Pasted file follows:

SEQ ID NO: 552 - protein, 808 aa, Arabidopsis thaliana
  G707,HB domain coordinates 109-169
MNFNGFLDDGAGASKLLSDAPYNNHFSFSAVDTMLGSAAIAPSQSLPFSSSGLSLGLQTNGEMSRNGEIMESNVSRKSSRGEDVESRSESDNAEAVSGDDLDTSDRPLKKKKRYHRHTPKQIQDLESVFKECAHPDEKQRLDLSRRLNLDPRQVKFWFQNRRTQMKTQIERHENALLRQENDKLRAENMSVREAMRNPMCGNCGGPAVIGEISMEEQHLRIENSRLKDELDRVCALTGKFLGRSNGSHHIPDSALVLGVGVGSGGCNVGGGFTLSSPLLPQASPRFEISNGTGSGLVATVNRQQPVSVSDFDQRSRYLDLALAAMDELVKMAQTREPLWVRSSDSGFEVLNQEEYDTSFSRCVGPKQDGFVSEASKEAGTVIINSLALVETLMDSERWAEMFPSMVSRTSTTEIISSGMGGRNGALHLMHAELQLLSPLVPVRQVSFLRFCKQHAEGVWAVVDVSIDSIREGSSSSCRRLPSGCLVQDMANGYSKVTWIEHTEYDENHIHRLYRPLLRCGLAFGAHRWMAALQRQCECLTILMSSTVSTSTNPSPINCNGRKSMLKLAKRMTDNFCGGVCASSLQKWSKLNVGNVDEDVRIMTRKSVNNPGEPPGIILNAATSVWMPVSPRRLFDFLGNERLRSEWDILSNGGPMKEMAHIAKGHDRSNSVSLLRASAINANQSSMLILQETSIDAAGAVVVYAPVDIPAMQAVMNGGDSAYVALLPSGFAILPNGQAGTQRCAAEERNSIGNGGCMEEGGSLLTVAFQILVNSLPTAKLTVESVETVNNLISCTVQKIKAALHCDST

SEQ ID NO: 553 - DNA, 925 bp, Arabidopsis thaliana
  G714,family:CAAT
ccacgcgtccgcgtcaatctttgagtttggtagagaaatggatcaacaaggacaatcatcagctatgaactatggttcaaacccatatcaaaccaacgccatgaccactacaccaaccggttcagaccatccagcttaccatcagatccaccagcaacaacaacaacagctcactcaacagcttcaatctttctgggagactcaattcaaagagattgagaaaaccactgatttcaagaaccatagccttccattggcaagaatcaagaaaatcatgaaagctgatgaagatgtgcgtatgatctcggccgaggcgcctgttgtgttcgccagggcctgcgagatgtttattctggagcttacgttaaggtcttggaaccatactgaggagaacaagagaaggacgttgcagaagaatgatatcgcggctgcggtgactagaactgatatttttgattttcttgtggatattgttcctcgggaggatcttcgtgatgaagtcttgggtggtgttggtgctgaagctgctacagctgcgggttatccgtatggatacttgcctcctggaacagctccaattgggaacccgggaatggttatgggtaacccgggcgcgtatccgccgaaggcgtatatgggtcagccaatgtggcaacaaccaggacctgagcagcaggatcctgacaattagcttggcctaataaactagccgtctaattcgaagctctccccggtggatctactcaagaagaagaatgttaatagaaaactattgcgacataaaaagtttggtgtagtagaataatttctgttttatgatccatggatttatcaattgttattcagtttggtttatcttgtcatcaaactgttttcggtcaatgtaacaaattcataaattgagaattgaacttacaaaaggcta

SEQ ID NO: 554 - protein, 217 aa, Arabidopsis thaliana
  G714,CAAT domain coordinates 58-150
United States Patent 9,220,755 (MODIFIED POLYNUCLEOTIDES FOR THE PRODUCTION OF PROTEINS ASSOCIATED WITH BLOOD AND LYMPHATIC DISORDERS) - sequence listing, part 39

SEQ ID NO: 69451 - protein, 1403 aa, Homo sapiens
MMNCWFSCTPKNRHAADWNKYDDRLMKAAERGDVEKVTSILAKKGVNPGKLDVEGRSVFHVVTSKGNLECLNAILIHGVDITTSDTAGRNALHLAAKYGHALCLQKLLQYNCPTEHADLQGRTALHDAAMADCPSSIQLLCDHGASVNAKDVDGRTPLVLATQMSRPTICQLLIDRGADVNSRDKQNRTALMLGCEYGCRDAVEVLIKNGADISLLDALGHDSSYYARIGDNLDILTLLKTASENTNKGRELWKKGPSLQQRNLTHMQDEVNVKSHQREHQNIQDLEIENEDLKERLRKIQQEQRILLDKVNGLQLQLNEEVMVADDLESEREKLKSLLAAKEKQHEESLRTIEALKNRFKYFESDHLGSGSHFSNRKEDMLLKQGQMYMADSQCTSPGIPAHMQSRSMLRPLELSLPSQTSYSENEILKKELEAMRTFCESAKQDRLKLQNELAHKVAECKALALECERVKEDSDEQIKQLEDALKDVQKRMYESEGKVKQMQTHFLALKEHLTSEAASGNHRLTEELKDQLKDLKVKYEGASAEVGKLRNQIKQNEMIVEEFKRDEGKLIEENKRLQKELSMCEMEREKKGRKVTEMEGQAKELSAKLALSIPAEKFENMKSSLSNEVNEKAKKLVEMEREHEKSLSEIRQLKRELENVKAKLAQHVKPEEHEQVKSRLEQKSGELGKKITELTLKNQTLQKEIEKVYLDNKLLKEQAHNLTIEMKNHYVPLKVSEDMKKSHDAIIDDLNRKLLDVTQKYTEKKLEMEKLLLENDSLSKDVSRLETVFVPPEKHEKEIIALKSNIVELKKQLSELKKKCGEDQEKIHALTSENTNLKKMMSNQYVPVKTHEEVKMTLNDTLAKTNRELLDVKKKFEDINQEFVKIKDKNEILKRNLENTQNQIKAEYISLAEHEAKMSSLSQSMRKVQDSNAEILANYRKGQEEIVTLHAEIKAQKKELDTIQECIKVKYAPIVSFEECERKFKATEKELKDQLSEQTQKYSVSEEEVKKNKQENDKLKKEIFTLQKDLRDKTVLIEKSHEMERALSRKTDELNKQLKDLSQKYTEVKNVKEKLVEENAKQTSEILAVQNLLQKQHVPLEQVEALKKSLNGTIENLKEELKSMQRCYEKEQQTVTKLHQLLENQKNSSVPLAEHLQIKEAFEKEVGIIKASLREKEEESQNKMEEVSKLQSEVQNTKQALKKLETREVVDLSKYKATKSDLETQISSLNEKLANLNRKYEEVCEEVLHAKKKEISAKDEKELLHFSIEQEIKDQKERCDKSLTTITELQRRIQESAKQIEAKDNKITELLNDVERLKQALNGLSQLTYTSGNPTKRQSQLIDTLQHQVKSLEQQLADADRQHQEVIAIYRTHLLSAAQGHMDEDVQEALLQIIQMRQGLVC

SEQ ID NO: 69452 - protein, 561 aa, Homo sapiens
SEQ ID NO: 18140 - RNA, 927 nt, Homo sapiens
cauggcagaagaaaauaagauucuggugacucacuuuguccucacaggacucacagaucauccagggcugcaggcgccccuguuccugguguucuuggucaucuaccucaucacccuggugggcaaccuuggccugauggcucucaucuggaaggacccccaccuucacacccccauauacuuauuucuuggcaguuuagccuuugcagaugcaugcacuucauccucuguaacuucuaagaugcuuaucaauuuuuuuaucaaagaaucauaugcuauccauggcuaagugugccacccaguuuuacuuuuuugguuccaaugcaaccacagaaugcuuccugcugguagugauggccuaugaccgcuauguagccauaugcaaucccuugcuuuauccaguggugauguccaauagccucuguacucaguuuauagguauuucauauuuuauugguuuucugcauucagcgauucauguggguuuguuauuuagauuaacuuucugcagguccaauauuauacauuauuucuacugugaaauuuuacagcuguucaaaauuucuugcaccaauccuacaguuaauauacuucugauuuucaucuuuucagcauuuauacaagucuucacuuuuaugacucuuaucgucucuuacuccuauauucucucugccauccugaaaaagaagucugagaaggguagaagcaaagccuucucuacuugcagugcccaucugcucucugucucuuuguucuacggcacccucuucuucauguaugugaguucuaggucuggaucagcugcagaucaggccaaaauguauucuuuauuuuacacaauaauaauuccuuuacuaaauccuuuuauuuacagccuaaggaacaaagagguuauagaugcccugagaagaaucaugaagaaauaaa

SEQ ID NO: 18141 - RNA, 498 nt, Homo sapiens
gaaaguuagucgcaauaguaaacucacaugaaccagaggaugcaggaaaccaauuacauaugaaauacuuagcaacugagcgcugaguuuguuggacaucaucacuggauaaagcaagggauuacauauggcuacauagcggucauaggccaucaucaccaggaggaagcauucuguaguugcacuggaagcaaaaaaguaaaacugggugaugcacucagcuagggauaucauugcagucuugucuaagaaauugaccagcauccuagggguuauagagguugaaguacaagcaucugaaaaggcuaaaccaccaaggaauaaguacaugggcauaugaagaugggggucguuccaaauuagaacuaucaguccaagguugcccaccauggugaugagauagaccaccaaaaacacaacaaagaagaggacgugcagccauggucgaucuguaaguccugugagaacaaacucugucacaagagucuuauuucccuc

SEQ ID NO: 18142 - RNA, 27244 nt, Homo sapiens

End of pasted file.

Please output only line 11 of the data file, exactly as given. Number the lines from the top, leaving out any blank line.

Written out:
MMNCWFSCTPKNRHAADWNKYDDRLMKAAERGDVEKVTSILAKKGVNPGKLDVEGRSVFHVVTSKGNLECLNAILIHGVDITTSDTAGRNALHLAAKYGHALCLQKLLQYNCPTEHADLQGRTALHDAAMADCPSSIQLLCDHGASVNAKDVDGRTPLVLATQMSRPTICQLLIDRGADVNSRDKQNRTALMLGCEYGCRDAVEVLIKNGADISLLDALGHDSSYYARIGDNLDILTLLKTASENTNKGRELWKKGPSLQQRNLTHMQDEVNVKSHQREHQNIQDLEIENEDLKERLRKIQQEQRILLDKVNGLQLQLNEEVMVADDLESEREKLKSLLAAKEKQHEESLRTIEALKNRFKYFESDHLGSGSHFSNRKEDMLLKQGQMYMADSQCTSPGIPAHMQSRSMLRPLELSLPSQTSYSENEILKKELEAMRTFCESAKQDRLKLQNELAHKVAECKALALECERVKEDSDEQIKQLEDALKDVQKRMYESEGKVKQMQTHFLALKEHLTSEAASGNHRLTEELKDQLKDLKVKYEGASAEVGKLRNQIKQNEMIVEEFKRDEGKLIEENKRLQKELSMCEMEREKKGRKVTEMEGQAKELSAKLALSIPAEKFENMKSSLSNEVNEKAKKLVEMEREHEKSLSEIRQLKRELENVKAKLAQHVKPEEHEQVKSRLEQKSGELGKKITELTLKNQTLQKEIEKVYLDNKLLKEQAHNLTIEMKNHYVPLKVSEDMKKSHDAIIDDLNRKLLDVTQKYTEKKLEMEKLLLENDSLSKDVSRLETVFVPPEKHEKEIIALKSNIVELKKQLSELKKKCGEDQEKIHALTSENTNLKKMMSNQYVPVKTHEEVKMTLNDTLAKTNRELLDVKKKFEDINQEFVKIKDKNEILKRNLENTQNQIKAEYISLAEHEAKMSSLSQSMRKVQDSNAEILANYRKGQEEIVTLHAEIKAQKKELDTIQECIKVKYAPIVSFEECERKFKATEKELKDQLSEQTQKYSVSEEEVKKNKQENDKLKKEIFTLQKDLRDKTVLIEKSHEMERALSRKTDELNKQLKDLSQKYTEVKNVKEKLVEENAKQTSEILAVQNLLQKQHVPLEQVEALKKSLNGTIENLKEELKSMQRCYEKEQQTVTKLHQLLENQKNSSVPLAEHLQIKEAFEKEVGIIKASLREKEEESQNKMEEVSKLQSEVQNTKQALKKLETREVVDLSKYKATKSDLETQISSLNEKLANLNRKYEEVCEEVLHAKKKEISAKDEKELLHFSIEQEIKDQKERCDKSLTTITELQRRIQESAKQIEAKDNKITELLNDVERLKQALNGLSQLTYTSGNPTKRQSQLIDTLQHQVKSLEQQLADADRQHQEVIAIYRTHLLSAAQGHMDEDVQEALLQIIQMRQGLVC